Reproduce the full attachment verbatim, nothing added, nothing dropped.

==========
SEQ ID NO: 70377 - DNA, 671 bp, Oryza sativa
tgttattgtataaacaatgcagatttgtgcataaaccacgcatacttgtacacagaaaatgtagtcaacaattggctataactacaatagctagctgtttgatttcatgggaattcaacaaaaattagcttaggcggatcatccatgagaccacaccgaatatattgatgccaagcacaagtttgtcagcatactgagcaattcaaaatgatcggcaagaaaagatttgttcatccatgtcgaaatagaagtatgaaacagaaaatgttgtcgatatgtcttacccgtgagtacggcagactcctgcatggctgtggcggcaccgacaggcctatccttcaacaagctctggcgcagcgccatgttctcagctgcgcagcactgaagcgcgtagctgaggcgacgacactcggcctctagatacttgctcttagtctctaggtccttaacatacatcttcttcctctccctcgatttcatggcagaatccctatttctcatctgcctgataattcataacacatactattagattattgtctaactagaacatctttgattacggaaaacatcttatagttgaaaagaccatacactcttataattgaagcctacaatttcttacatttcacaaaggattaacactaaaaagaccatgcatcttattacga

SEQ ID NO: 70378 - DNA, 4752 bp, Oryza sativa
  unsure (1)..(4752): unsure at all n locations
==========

SEQ ID NO: 70377 - DNA, 671 bp, Oryza sativa
tgttattgtataaacaatgcagatttgtgcataaaccacgcatacttgtacacagaaaatgtagtcaacaattggctataactacaatagctagctgtttgatttcatgggaattcaacaaaaattagcttaggcggatcatccatgagaccacaccgaatatattgatgccaagcacaagtttgtcagcatactgagcaattcaaaatgatcggcaagaaaagatttgttcatccatgtcgaaatagaagtatgaaacagaaaatgttgtcgatatgtcttacccgtgagtacggcagactcctgcatggctgtggcggcaccgacaggcctatccttcaacaagctctggcgcagcgccatgttctcagctgcgcagcactgaagcgcgtagctgaggcgacgacactcggcctctagatacttgctcttagtctctaggtccttaacatacatcttcttcctctccctcgatttcatggcagaatccctatttctcatctgcctgataattcataacacatactattagattattgtctaactagaacatctttgattacggaaaacatcttatagttgaaaagaccatacactcttataattgaagcctacaatttcttacatttcacaaaggattaacactaaaaagaccatgcatcttattacga

SEQ ID NO: 70378 - DNA, 4752 bp, Oryza sativa
  unsure (1)..(4752): unsure at all n locations